01 November 2012

Old-school heroines

 Is there room left for an old-school heroine?

Good question. I suppose it depends, in part, on your definition of 'old-school'.

When I first discovered romance novels, I read mostly Harlequin stories. At that time, they all seemed to revolve around the young, virginal heroine and the older, gruff, and very experienced hero. Since they were mostly told in the heroine's point of view, the reader rarely knew what the hero was feeling or thinking -- our only clues came from the rather limited and naive perspective of the young heroine. She was usually wrong. ;)

Back then, it didn't matter that the heroine often needed the hero to save her; or that the biggest 'conflict' was often a silly misunderstanding; or that, at times, the hero seemed harsh, even to the point of being rather a bully, if not abusive. When I was thirteen, I didn't know any better. And apparently neither did a large portion of the romance readership.

Now we are more enlightened. When I think of the term 'old-school heroine', I think of those rather shy, sometimes pathetically inept but kind, untried heroines who always needed to be saved. In that respect, no, I don't feel they have much of a place in the romances of today. But they do still pop up from time to time, sadly enough. I've seen the trend, in particular, take a subtle shift in that direction when it comes to some Young Adult stories and a few adult romances. Nope, not mentioning any titles.

I have nothing against the hero riding into the rescue. I personally love the idea of letting the big, strong man take charge and deal with the messes of life while he protects those he loves. There are days when I wish the man in my life could deal with the hard stuff and let me be the pampered heroine back at the ranch. Sometimes he does; mostly, we share the load.

That said, I prefer to see and be a heroine who can stand by her man -- or at least watch his back when things get dicey. The women in my favorite stories don't have to be trained in martial arts or able to beat the bad guy (gal) in battle. But she can't be a wimp, either. She also can't be "too stupid to live" -- No, sweetie, don't go alone and unarmed into the basement where the serial killer is waiting. DUH!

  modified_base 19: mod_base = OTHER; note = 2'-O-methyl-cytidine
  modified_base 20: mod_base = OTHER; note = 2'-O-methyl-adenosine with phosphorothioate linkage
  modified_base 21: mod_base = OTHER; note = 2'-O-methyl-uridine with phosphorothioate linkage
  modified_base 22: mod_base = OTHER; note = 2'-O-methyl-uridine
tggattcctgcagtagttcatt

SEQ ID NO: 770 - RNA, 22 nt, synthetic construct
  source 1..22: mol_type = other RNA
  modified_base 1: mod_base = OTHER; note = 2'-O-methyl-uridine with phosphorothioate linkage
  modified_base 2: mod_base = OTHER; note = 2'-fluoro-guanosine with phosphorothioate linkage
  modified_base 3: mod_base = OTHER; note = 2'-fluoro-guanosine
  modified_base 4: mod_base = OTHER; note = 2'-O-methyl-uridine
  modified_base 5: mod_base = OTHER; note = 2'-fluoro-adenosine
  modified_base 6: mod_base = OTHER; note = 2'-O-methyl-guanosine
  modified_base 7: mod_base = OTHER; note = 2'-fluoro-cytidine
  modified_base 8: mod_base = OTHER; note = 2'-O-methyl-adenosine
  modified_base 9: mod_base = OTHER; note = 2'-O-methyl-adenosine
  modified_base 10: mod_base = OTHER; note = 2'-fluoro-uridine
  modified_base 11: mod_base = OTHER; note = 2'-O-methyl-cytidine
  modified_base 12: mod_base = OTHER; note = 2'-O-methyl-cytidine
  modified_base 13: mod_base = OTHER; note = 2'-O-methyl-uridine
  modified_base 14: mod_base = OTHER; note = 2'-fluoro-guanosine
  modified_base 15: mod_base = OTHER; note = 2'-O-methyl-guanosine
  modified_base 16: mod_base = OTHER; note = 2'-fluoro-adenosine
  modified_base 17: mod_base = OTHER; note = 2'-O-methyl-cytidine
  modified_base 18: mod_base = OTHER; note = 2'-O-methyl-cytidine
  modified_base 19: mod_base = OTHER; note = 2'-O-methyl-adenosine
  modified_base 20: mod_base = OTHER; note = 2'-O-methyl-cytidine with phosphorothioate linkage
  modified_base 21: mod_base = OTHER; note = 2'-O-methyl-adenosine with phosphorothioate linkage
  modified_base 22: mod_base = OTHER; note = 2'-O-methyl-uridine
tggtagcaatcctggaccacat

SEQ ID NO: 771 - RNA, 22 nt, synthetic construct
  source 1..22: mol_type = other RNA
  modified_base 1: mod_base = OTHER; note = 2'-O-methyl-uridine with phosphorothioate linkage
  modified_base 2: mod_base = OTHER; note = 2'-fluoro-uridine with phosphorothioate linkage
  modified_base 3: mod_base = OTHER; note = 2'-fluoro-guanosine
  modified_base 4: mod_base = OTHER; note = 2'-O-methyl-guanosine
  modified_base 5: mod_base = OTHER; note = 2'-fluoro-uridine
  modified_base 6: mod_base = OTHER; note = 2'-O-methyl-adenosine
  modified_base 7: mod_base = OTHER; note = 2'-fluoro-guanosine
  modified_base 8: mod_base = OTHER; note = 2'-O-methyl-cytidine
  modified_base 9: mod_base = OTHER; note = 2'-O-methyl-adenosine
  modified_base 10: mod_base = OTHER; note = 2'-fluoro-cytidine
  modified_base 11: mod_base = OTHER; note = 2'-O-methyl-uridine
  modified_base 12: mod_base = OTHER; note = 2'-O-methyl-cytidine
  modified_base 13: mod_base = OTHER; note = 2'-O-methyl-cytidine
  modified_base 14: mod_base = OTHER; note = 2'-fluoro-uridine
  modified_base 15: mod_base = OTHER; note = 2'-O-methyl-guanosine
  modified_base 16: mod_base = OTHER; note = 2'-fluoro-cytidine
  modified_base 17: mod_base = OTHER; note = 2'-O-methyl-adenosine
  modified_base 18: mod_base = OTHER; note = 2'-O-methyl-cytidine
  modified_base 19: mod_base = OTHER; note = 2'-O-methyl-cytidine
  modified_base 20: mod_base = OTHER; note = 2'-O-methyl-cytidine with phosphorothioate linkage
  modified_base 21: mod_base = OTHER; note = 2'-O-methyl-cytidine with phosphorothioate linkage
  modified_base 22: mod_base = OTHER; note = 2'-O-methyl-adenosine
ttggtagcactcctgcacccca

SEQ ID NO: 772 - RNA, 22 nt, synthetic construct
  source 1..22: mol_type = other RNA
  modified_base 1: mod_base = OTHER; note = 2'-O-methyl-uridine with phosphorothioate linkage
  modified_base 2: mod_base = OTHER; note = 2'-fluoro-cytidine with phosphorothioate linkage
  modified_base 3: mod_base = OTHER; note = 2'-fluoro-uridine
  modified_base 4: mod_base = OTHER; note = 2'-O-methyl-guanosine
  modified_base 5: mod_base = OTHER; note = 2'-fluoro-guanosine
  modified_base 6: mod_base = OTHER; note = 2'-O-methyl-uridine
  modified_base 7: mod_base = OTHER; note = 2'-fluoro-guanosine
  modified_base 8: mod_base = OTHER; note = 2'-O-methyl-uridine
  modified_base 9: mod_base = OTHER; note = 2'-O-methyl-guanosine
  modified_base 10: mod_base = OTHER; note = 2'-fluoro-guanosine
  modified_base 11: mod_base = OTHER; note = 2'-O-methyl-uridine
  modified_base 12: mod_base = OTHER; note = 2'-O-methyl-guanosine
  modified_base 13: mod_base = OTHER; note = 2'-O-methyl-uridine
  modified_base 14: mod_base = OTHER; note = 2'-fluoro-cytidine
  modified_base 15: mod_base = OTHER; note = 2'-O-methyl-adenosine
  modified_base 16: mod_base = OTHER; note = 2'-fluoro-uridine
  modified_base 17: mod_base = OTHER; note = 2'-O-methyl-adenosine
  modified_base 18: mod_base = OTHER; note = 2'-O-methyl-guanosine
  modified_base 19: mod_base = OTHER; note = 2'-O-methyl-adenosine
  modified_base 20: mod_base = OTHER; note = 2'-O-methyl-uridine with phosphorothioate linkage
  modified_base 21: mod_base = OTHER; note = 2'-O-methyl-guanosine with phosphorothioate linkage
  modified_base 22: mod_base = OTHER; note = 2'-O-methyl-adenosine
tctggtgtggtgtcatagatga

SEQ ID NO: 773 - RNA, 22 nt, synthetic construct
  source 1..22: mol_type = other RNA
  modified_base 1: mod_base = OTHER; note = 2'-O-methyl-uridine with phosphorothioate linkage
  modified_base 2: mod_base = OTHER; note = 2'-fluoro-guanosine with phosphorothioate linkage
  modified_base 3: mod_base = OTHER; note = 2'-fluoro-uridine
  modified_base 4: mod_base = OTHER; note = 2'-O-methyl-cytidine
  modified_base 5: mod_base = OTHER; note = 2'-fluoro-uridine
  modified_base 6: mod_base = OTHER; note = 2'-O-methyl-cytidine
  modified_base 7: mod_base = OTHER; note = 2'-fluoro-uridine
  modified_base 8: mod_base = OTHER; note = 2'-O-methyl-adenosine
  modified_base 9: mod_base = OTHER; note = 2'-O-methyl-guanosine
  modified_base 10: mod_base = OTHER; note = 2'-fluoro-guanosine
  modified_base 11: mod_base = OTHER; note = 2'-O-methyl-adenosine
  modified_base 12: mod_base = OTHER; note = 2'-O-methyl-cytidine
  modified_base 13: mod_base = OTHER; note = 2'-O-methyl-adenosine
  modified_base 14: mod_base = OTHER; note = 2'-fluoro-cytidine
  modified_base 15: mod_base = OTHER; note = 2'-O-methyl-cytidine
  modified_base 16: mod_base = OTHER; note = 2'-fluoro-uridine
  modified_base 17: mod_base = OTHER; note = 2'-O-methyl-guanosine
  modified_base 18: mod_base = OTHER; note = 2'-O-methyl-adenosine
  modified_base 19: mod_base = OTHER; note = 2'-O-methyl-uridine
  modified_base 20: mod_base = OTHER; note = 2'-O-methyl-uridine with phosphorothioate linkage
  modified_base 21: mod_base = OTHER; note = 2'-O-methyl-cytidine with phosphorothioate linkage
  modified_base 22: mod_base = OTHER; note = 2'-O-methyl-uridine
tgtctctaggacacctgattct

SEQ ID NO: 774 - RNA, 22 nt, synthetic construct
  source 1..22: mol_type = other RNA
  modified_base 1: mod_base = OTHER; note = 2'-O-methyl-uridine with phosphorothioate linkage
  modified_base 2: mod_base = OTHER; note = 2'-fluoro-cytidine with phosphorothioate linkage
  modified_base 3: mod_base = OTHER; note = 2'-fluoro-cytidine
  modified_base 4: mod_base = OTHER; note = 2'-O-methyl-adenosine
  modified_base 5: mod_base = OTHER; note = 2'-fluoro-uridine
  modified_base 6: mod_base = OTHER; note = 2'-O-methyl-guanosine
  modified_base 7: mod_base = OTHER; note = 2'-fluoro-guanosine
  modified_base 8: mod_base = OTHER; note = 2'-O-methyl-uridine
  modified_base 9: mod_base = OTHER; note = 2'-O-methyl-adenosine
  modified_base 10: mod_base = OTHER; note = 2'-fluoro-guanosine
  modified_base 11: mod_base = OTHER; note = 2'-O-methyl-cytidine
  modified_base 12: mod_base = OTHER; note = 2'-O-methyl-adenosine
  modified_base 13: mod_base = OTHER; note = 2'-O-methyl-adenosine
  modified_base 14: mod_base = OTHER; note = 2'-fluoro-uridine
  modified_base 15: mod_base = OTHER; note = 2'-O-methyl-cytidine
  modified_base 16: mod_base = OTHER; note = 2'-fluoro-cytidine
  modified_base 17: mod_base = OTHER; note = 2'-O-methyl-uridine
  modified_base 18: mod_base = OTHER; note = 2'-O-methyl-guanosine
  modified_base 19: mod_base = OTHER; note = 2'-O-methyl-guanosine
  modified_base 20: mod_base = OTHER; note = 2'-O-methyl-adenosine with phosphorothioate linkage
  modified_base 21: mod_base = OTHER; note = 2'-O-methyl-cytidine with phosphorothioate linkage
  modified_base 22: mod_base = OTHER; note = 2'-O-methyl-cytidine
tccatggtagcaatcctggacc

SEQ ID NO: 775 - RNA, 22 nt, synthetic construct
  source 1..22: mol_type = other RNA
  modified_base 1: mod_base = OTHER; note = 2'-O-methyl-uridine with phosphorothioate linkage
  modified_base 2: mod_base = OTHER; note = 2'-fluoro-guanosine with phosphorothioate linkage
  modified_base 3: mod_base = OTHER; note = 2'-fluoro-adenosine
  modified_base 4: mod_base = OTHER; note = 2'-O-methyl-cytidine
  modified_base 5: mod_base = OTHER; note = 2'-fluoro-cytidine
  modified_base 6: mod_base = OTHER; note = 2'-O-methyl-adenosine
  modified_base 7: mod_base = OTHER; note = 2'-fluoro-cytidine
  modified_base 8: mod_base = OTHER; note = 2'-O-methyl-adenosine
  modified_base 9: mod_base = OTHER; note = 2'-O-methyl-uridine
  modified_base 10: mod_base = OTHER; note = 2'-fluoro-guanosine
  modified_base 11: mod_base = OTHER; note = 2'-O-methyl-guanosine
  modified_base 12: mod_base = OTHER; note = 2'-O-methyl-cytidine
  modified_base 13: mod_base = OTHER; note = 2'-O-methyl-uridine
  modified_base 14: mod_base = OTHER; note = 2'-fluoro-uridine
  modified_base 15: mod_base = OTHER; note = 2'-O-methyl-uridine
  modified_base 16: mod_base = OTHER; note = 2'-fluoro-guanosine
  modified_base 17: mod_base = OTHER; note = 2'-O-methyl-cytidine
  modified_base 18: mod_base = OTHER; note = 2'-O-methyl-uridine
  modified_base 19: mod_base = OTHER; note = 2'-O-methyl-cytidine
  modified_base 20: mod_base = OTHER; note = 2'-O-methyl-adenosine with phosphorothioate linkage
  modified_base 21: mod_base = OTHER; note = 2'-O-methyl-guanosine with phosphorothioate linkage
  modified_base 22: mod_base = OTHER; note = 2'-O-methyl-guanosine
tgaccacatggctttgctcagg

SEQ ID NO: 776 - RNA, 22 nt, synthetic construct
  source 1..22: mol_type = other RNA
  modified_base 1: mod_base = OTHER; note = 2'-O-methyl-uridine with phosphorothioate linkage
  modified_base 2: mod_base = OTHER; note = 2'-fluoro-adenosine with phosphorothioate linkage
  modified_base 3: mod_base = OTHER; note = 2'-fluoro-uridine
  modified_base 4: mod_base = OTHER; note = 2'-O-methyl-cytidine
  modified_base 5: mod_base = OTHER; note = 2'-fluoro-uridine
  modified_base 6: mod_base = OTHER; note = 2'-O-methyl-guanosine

In my fictional worlds, a heroine should be strong and tough, with a few edges of weakness about her. She can't be invincible because no one would relate well to her. And please, IF she has to go into that basement, give her a really good reason. If she has to rescue the hero, let her show a softer side when the time allows. But don't drop her into a fetal position when she and her man have a fight and are separated forever. Let her cry, sure. A good, hard cry is very therapeutic. Then pluck her up off her butt and get her moving again.

There are all kinds of heroines in the real world and in fiction. I suppose it's up to each of us what type we want to be; what type we want to read about. But humans are complex creatures -- we're rarely all one thing or another at all times. The best heroines will always be those with some depth.

Meg Allison
Indulge your senses...
http://www.megallisonauthor.com


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